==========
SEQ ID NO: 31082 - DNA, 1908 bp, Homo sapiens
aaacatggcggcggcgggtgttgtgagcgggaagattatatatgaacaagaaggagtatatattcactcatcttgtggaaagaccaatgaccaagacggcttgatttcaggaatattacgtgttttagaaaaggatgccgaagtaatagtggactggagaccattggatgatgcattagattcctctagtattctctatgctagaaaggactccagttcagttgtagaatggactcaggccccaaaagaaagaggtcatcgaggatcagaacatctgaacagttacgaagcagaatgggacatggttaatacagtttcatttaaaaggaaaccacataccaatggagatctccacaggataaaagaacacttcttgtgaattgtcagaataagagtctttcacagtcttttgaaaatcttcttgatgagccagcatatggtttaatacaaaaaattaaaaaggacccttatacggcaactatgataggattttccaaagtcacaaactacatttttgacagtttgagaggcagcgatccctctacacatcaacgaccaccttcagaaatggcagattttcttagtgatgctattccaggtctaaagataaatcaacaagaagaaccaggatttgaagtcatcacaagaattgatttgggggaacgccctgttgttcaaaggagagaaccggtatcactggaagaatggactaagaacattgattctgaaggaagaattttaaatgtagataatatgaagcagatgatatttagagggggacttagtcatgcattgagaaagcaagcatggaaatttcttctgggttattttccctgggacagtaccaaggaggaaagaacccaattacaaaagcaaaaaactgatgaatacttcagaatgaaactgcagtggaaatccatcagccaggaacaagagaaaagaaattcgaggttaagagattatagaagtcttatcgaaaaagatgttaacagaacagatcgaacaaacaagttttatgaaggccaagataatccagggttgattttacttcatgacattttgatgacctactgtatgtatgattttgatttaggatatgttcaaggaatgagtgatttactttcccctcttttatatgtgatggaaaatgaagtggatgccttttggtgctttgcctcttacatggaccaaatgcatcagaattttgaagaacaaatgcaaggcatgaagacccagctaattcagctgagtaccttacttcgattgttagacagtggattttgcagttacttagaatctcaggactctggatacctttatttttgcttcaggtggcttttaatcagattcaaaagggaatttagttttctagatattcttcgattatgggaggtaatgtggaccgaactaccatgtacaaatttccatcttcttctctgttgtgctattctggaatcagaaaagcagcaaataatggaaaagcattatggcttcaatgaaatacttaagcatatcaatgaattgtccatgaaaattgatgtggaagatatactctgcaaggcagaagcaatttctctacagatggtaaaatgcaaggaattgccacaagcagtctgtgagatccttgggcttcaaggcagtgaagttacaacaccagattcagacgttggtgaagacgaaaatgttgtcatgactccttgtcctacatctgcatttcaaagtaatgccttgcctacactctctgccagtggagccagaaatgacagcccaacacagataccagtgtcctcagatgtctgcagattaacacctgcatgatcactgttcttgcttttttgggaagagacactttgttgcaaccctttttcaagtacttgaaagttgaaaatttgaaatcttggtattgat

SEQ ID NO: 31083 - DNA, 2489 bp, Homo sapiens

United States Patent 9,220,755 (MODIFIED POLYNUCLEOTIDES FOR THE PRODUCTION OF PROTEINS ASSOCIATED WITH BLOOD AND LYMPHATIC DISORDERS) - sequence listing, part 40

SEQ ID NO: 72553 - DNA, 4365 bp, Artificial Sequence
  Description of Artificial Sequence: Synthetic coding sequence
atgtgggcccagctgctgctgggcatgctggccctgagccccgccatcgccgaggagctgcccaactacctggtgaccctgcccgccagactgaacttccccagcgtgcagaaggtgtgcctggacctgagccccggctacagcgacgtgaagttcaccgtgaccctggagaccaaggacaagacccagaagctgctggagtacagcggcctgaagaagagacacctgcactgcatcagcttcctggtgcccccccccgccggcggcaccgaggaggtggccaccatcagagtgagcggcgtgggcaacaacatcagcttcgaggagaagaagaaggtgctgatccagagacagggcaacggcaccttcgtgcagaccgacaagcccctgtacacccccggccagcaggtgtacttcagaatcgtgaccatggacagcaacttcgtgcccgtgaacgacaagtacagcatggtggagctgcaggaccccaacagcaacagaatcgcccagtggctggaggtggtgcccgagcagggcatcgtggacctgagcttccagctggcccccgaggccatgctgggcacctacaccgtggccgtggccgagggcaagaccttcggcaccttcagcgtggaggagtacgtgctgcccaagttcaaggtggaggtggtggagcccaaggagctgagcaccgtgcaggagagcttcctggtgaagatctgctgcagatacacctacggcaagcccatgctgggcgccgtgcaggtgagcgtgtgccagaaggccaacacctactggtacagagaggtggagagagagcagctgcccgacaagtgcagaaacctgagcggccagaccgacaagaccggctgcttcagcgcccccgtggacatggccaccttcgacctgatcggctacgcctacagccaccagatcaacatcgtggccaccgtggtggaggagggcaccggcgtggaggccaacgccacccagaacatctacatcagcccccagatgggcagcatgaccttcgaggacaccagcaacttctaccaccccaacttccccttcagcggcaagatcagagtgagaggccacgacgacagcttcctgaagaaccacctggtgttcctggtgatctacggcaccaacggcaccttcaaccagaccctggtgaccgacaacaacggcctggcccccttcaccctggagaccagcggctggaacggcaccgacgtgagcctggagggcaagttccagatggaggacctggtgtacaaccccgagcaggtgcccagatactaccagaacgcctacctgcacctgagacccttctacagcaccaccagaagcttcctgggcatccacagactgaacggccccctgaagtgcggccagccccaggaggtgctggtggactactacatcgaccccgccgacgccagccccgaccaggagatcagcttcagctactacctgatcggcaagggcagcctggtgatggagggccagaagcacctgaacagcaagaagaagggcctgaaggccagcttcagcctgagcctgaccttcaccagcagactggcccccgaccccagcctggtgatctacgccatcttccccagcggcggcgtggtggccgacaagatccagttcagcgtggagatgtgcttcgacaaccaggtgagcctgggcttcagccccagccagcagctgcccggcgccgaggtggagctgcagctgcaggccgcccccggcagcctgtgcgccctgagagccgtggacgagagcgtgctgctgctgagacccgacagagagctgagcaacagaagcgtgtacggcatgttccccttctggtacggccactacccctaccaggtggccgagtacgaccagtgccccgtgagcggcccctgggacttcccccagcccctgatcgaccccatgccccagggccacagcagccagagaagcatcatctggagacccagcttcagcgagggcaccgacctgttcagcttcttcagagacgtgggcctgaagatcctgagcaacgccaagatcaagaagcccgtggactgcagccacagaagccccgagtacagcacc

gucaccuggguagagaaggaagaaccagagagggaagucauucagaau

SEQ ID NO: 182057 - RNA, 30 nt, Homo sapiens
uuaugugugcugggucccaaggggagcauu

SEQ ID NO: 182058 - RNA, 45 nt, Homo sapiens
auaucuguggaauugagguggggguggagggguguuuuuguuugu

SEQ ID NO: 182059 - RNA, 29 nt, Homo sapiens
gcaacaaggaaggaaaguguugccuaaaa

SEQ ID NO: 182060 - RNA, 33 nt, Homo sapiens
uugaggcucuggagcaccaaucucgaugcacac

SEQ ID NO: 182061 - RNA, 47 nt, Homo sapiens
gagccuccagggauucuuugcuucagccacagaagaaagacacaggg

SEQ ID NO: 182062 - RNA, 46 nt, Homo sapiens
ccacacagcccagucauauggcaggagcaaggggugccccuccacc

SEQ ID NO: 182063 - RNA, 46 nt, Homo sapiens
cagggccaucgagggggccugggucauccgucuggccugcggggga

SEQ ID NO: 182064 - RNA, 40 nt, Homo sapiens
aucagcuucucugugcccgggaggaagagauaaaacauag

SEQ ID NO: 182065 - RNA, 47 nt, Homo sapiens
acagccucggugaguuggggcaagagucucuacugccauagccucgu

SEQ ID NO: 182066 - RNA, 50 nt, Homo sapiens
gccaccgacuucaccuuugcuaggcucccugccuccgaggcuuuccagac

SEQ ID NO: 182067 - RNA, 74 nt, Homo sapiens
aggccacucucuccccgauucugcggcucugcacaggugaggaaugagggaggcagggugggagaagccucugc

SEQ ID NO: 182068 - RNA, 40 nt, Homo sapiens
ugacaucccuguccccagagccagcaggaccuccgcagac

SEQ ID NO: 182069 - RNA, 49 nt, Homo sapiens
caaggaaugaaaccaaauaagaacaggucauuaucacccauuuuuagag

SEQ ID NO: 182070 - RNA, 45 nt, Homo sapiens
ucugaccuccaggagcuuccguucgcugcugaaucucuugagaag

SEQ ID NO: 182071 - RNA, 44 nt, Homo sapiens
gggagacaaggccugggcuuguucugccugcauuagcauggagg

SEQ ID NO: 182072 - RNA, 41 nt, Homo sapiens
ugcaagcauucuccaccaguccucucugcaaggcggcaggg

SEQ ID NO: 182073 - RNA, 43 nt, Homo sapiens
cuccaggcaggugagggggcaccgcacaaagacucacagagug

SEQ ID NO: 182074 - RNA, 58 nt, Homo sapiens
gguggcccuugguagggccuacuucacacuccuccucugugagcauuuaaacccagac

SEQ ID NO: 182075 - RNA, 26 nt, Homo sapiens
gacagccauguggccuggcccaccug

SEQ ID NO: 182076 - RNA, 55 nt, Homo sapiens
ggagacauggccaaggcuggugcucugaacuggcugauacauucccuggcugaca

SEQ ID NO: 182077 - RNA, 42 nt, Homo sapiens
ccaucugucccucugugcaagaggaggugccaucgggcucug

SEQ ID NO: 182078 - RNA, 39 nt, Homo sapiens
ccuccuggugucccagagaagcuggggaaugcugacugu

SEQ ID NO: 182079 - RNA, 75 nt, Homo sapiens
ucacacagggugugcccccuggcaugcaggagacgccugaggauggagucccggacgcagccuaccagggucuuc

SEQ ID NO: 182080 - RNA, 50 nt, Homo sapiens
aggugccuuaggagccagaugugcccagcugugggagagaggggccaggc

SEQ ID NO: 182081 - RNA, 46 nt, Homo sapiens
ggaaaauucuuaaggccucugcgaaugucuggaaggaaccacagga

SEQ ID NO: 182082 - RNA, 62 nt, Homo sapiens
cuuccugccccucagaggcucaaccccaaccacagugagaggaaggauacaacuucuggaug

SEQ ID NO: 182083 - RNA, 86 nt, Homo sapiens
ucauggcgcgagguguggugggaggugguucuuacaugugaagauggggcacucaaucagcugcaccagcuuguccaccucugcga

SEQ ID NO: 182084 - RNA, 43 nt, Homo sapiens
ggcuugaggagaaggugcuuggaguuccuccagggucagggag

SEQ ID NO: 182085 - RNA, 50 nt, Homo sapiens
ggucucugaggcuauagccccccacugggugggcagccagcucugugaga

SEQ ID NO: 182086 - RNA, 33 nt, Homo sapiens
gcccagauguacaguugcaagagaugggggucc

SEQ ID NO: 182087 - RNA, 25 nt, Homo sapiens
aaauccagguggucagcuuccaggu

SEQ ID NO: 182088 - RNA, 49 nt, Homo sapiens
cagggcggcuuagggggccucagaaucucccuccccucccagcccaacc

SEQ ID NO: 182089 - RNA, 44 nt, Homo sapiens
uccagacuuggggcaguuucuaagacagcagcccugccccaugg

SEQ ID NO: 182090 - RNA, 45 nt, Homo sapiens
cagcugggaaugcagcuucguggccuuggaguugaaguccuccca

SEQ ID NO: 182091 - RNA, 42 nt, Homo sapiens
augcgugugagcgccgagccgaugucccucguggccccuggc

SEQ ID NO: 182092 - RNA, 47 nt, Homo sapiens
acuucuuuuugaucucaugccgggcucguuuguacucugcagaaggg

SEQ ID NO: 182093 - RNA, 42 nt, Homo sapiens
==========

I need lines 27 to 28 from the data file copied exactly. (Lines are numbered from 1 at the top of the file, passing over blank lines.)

SEQ ID NO: 182066 - RNA, 50 nt, Homo sapiens
gccaccgacuucaccuuugcuaggcucccugccuccgaggcuuuccagac